Career Opportunities

According to the U.S. Bureau of Labor Statistics (BLS), anthropologists in the United States in 2020 earned a median annual salary topping $66,000, or around $32 an hour.

“Anthropologists and archeologists study the origin, development, and behavior of humans,” the BLS goes on to report. “They examine the cultures, languages, archeological remains, and physical characteristics of people in various parts of the world.”

BLS: “Anthropologists and archeologists typically work in research organizations, government, and consulting firms. Although most work in offices, some analyze samples in laboratories or do fieldwork. Fieldwork may require travel for extended periods.”

Employment Information

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Anthropologist and Archeologist Duties

  • Plan cultural research
  • Customize data collection methods according to a particular region, specialty, or project
  • Collect information from observations, interviews, and documents
  • Record and manage records of observations taken in the field
  • Analyze data and laboratory samples to uncover patterns about human life, culture, and origins
  • Prepare reports and present research findings
  • Advise organizations on the cultural impact of policies, programs, and products

Career Fields for Anthropology Majors

  • Administration and management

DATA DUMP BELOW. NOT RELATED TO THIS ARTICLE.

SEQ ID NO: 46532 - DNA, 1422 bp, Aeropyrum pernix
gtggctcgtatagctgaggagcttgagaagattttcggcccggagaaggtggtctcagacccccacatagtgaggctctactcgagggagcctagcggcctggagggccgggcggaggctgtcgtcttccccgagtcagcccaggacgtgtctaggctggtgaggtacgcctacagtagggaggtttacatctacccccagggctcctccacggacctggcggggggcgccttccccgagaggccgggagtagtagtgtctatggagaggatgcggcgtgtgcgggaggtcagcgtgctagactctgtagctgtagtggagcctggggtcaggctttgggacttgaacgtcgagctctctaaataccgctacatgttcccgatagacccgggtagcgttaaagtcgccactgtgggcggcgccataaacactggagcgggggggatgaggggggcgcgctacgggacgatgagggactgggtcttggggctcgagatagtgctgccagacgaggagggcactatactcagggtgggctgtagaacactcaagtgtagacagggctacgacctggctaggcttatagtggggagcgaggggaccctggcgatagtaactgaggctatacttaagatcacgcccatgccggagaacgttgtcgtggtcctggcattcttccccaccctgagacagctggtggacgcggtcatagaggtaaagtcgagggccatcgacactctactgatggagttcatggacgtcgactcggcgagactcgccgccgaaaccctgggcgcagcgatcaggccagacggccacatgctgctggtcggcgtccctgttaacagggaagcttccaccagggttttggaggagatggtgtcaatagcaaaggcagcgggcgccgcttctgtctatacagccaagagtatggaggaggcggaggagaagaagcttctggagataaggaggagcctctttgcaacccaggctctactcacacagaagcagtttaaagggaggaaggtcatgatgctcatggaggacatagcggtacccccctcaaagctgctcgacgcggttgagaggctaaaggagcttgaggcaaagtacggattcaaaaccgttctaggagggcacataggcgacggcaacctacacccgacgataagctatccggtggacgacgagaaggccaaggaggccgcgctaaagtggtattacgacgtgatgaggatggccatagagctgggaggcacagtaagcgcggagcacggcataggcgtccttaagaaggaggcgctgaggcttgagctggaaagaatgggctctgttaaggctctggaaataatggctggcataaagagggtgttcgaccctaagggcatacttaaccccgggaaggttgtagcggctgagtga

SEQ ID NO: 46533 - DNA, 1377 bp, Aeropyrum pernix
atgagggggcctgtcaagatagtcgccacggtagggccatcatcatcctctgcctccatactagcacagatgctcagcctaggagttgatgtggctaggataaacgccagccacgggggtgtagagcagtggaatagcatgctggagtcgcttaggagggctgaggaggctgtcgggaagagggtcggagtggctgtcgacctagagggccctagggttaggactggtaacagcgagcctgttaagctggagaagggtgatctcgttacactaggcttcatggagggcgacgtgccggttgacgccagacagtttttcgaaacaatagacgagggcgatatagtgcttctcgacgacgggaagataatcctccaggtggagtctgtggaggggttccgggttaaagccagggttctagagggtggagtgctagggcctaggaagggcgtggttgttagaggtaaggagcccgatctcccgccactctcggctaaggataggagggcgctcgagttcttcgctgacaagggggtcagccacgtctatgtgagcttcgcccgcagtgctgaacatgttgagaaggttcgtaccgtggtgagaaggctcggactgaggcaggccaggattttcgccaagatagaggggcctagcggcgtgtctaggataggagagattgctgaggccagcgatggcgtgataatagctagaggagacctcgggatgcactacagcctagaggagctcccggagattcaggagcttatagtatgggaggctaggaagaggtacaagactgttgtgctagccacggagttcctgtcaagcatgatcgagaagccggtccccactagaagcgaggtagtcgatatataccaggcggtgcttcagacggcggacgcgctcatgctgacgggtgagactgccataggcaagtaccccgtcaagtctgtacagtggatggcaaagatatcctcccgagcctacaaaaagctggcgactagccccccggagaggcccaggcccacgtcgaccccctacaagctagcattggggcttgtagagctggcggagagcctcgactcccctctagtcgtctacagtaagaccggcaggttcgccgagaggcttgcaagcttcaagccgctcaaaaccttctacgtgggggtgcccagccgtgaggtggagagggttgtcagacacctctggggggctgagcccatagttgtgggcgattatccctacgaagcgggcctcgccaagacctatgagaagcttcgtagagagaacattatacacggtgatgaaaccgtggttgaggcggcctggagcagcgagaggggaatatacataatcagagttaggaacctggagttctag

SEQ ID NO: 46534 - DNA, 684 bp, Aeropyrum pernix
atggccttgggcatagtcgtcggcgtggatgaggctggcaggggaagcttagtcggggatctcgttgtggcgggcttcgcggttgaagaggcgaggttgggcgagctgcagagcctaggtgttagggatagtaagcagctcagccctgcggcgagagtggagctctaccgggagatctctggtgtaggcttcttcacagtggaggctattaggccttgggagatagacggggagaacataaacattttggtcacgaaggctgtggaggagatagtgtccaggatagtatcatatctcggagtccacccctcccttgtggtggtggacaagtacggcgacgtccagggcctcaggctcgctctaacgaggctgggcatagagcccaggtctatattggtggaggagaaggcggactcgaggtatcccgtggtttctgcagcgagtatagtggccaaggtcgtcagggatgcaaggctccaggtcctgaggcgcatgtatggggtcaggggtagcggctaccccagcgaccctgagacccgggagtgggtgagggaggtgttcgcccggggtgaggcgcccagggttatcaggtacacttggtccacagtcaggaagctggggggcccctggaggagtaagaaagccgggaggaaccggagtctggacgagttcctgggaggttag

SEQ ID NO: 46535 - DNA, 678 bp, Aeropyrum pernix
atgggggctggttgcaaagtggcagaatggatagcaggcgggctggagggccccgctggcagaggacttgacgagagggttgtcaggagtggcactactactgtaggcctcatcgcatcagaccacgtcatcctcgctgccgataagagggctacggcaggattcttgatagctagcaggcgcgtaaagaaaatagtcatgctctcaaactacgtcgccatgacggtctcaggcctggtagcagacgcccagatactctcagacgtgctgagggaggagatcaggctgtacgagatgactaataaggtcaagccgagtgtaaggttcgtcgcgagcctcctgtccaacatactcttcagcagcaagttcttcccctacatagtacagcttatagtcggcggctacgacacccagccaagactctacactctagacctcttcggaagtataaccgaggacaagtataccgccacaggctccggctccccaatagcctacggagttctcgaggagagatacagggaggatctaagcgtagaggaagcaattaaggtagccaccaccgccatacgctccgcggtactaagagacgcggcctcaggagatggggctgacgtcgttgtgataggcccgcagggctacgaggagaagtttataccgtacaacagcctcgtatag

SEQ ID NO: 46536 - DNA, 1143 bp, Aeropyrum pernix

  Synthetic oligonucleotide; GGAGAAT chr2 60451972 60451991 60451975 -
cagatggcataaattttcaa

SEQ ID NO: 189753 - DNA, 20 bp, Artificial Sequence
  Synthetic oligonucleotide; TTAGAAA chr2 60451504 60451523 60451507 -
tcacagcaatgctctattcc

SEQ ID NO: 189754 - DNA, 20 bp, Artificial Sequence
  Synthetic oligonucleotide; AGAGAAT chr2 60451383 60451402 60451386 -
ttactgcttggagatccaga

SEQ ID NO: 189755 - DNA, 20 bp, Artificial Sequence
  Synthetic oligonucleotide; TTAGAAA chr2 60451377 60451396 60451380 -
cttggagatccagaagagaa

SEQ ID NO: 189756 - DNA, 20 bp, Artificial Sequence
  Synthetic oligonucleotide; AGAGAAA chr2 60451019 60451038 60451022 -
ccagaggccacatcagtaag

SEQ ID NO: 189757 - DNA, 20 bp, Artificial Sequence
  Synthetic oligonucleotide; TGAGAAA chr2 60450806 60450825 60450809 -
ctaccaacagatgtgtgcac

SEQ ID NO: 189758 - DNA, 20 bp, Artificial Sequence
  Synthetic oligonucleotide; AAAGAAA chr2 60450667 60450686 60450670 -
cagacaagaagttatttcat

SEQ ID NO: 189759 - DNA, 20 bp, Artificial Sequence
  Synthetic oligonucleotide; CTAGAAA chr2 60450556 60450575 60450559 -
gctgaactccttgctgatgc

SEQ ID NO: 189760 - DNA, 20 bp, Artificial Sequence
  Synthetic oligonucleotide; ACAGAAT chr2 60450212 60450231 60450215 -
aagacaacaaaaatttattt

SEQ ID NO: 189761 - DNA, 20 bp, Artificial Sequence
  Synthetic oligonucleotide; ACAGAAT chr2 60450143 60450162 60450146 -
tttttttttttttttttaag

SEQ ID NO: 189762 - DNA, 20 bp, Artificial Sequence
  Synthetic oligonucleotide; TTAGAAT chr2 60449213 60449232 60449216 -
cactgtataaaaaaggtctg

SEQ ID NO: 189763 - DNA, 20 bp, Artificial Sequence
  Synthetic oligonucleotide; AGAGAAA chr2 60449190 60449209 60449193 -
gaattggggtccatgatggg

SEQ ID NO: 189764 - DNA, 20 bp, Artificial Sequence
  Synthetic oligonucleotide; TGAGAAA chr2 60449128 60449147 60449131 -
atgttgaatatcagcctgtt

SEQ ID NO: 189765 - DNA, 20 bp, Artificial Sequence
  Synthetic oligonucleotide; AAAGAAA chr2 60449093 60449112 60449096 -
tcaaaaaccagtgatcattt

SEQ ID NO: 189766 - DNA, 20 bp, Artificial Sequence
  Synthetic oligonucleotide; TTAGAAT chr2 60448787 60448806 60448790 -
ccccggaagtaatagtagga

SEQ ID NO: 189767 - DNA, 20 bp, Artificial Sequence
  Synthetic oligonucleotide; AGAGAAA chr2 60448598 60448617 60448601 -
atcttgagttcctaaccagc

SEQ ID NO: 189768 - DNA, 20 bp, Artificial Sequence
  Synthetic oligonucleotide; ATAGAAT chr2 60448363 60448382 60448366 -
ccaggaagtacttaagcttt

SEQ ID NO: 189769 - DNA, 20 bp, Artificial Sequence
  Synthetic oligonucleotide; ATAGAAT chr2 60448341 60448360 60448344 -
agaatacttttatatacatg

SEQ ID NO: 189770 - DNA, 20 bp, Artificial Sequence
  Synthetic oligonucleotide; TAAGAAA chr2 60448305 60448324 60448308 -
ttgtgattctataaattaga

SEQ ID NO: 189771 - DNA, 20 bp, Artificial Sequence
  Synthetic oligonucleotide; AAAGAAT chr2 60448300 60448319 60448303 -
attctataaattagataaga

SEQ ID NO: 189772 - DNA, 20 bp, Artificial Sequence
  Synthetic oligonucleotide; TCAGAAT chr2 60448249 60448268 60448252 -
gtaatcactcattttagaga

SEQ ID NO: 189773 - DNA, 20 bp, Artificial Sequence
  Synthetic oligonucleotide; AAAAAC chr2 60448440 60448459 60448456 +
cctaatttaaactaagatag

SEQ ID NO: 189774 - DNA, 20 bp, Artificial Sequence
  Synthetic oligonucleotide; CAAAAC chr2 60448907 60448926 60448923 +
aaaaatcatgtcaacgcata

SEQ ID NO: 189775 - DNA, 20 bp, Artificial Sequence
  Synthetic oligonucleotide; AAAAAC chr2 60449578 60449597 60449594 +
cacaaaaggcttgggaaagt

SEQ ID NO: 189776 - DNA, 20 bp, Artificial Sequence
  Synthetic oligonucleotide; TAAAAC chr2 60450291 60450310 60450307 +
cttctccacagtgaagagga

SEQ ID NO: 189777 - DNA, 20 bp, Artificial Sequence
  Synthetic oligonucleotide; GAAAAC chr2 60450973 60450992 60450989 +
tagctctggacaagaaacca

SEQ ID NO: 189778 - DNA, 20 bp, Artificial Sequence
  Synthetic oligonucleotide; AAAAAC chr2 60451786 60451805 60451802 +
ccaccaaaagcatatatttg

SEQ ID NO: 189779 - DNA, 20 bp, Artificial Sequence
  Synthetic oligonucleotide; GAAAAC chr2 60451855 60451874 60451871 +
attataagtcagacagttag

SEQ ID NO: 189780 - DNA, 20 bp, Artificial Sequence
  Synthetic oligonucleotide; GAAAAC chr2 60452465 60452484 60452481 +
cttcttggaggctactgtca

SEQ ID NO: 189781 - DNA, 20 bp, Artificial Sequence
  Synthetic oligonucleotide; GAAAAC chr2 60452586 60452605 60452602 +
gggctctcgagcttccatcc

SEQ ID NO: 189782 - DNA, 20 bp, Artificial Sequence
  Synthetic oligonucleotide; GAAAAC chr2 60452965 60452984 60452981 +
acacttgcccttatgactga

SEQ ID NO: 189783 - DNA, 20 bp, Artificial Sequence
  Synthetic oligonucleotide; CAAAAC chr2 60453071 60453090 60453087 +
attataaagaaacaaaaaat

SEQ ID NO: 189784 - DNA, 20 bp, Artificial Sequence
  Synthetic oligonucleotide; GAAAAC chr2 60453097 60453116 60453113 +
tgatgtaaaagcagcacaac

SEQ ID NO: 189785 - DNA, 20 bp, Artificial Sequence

• Archaeology
  • Business
  • Community development
  • Cultural Resource Management (CRM)
  • Education and outreach
  • Environment and natural resources
  • Ethnography and cultural anthropology
  • Evaluation and assessment
  • Healthcare management, services and delivery
  • Historic preservation
  • Human and social services
  • Humanitarian efforts
  • Human rights and social justice advocacy
  • International and public health
  • International development and affairs
  • Management consulting and organizational development
  • Market research
  • Mass communication
  • Museum and curation and project design
  • Social impact assessment
  • Tourism and heritage

Anthropological Specialties

  • Sociocultural anthropologists examine social patterns and practices across cultures.
  • Archaeologists investigate the material remains of bygone peoples and cultures.
  • Physical anthropologists work to determine the biological nature of humankind.
  • Linguistic anthropologists study how language reflects and influences social life.
  • Medical anthropologists research factors that affect human health and well-being.
  • Forensic anthropologists analyze human remains in crime detection.
  • Business anthropologists apply theories and methods to solve business problems.
  • Visual anthropologists employ imagery to describe, analyze and interpret behavior.
  • Environmental anthropologists evaluate how people relate to changes in their environment.
  • Museum anthropologists explore museum history and the roles of museums in society.

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